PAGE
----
Note: Contains Spoilers The story, set in Russia at the time of the Bolshevik Revolution, focuses on the relationship between three characters: Tasia (Dolores del Rio), a peasant girl; ...
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The story, set in Russia at the time of the Bolshevik Revolution, focuses on the relationship between three characters: Tasia (Dolores del Rio), a peasant girl; Grand Duke Eugene (Charles Farrell); and Ivan Petroff (Ivan Linow).
Tasia has revolutionary sentiments which are strengthened by seeing the suffering of her father imprisoned by the Czarist authorities. She attracts the attention of Ivan Petroff, but evades an arranged marriage with him, to the relief of both (Ivan, hung over from prenuptial celebrations, misses the ceremony).
While revolutionary agents stir up class hatred among the populace, Tasia meets Grand Duke Eugene, a nobleman who genuinely wishes to address the problems of the people. They fall in love, aware of the great social gulf dividing them (Eugene is betrothed to a noblewoman).
The revolution begins (the "Red Dance" is described in an intertitle as the name for a bloody and irresponsible movement to grab power by revolutionaries not ...
The monoplane which rescues Farrell and Del Rio appears to be of later vintage than would be accurate for the film's period setting. A similar flaw appears in the related drama THE YELLOW TICKET (1931), also directed by Walsh. See more »
I want to thank collector James King of Dunmore for giving me access to a print of 'The Red Dance'. This film's title refers to the frenzied rioting of the Russian peasants during the October Revolution. However, apparently producer William Fox did not want to risk misleading his audience altogether, so (to keep the title 'honest') we get a brief sequence of Dolores del Rio dancing in a cabaret. In a flashback sequence, we see her same character in childhood: beautiful child actress Muriel McCormac (unbilled) dances briefly but gracefully.
This film, like several other Hollywood productions of the late silent era -- 'Mockery', 'Tempest', 'The Last Command' -- is a soap-opera work of fiction against the background of the Soviet uprising. I was pleased that, for once, the Bolsheviks were NOT depicted sympathetically here. But other historic details are howlingly wrong. We meet a character called 'the Black Monk' who is clearly meant to be Rasputin, yet who is secretly agitating to overthrow the Czar. Sorry, comrade, but the real Rasputin was power-mad, and he insinuated himself into the Czar's household specifically to attain as much personal power as possible. Having got himself that sweet deal, he wasn't about to throw it away.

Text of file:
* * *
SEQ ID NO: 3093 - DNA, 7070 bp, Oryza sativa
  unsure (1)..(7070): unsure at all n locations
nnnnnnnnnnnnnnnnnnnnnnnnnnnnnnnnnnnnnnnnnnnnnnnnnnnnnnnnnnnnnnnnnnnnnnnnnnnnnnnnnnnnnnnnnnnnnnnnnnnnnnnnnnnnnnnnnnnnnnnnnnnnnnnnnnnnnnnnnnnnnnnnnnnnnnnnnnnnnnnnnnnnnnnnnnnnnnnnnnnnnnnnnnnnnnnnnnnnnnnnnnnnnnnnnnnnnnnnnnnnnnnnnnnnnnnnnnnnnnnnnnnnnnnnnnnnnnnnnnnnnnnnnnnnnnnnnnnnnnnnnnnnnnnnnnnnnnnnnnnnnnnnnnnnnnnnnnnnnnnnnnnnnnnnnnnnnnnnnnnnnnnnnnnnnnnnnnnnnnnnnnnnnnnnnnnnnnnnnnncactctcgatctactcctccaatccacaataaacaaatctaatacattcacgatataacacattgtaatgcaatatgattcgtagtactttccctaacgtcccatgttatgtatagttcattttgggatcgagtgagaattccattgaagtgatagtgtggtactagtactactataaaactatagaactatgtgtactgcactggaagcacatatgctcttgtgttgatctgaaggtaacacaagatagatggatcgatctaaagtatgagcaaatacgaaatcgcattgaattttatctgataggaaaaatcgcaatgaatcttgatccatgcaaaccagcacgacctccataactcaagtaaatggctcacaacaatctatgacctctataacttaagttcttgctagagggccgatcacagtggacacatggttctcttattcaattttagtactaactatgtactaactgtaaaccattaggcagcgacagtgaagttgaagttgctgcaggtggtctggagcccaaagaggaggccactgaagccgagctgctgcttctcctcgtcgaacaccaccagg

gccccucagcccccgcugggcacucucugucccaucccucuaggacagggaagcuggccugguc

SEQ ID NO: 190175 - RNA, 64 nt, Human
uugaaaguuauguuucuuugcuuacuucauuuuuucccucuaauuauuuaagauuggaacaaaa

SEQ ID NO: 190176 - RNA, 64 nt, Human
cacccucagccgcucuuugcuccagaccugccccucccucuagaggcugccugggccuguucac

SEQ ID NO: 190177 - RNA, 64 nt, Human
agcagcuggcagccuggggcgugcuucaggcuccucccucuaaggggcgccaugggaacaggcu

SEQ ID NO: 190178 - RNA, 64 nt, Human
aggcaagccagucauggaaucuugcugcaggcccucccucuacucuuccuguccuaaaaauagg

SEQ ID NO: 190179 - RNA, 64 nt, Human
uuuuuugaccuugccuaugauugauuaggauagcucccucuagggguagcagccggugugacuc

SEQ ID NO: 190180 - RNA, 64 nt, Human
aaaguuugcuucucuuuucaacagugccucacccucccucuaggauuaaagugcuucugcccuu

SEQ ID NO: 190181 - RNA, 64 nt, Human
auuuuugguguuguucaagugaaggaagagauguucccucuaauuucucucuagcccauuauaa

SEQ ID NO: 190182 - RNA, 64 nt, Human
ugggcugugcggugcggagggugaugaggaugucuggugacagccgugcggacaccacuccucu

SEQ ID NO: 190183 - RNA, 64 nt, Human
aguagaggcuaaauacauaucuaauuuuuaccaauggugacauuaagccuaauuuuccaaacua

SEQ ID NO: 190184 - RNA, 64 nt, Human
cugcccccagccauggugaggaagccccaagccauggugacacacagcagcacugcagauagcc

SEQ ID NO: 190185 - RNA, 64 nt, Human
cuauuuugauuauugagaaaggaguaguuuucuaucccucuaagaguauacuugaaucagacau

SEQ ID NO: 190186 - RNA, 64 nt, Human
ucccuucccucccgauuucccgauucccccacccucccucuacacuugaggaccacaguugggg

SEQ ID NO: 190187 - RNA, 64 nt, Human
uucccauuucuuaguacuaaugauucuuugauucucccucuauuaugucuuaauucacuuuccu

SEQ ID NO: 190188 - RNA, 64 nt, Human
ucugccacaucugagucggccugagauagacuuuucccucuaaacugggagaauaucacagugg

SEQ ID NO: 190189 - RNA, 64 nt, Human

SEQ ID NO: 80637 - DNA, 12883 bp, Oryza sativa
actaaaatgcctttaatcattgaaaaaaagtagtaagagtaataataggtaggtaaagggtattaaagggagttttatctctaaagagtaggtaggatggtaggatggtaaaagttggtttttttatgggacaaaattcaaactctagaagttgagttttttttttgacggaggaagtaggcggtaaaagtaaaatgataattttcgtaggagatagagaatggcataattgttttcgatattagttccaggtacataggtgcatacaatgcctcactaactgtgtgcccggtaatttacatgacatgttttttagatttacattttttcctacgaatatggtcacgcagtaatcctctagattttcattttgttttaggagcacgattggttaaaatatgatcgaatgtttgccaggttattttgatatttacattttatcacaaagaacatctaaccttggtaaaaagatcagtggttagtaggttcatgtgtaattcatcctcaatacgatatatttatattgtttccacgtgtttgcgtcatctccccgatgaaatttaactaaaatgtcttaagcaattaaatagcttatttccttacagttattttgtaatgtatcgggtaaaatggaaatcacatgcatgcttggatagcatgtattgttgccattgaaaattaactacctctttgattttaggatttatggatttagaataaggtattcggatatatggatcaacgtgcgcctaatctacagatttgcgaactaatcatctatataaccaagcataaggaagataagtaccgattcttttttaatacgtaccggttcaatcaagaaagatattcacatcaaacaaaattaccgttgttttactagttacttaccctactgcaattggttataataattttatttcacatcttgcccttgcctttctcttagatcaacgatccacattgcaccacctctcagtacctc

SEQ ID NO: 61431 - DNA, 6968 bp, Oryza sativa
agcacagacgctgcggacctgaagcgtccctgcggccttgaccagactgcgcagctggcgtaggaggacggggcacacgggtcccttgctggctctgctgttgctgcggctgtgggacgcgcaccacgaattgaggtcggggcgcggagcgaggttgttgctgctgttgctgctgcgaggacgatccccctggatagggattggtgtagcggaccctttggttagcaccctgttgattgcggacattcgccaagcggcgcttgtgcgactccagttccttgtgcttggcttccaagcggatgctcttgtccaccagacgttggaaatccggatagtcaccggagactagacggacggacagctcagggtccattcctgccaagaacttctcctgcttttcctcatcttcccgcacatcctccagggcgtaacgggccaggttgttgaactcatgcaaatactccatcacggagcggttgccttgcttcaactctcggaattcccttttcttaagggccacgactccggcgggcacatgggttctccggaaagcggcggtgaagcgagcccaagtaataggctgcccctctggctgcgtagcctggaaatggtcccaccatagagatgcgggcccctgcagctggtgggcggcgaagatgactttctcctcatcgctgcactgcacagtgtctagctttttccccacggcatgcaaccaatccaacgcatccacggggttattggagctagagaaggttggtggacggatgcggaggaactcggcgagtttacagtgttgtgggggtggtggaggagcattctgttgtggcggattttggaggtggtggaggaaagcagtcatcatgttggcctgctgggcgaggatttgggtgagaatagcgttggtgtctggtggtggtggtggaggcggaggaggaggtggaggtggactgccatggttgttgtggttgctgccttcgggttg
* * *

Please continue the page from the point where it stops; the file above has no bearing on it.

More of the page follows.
I'm a tremendous fan of Dolores del Rio, largely because of her almost supernatural beauty but also because of her acting (in sound films). Here, alas, her thespian technique embodies most of the clichés of BAD silent-film acting. When she speaks the word 'knowledge', she points to her forehead as if she were playing Charades! And, in this particular story, del Rio's preternaturally good looks might actually be a disadvantage. She's supposed to be one of Russia's peasants, not one of the aristocracy, yet she looks far too patrician. In some sequences, her mouth is lipsticked into a perfect cupid's bow even while she's meant to be starving. Worse luck, for most of this film, del Rio wears almost exactly the same hairstyle as Princess Leia from 'Star Wars'! More positively, I was impressed that the uncredited actress who plays del Rio's mother actually does resemble her.
Charles Farrell plays a Czarist cavalry officer who's also a grand duke, forced into a morganatic marriage to Princess Vervara (the beautiful ice-blonde Dorothy Revier). Farrell usually played clean-cut American youths. I found him plausible as an Italian in 'Street Angel', but here -- as a White Russian -- he's not remotely credible. Farrell's pretty-boy looks make him seem too delicate for the life of a cavalryman, even one who's a pampered aristocrat.
There's an excellent performance by Ivan Linow as a coarse peasant whose stock rises after the Revolution. Linow gave a few decent performances in early talkies, notably in 'Just Imagine' (as a gay Martian!) and in 'The Unholy Three', but he was hampered by his Latvian accent. Ironically, that accent would have been perfect for his character here in 'The Red Dance', a silent film.
Director Raoul Walsh shows little of his later skill here. Oddly, in several sequences of 'The Red Dance', Walsh seems to be trying for a circular motif: we see actors moving in a circle or a spiral, or action played against some circular object in the background. These recurring circles reminded me of the recurring X's (naughts and crosses?) in Howard Hawks's 'Scarface' ... or the recurring use of red in 'The Sixth Sense' ... but in those two films the recurring motifs had a narrative purpose, whereas Walsh's circles seem to be purely arbitrary. Was he perhaps making a visual pun on the word 'revolution'?
The peasant ghettos are clearly Hollywood sets. I was more impressed with the lavish wedding sequence, in which a Russian Orthodox cross throws a weirdly askew shadow while a Russian Orthodox bishop marries the duke to the princess. (He places the wedding rings on their RIGHT hands: can someone please tell me whether this detail is accurate?)
'The Red Dance' has many excellent points but is hardly a classic. I'll rate it 7 out of 10. Pass the borscht, tovarich.
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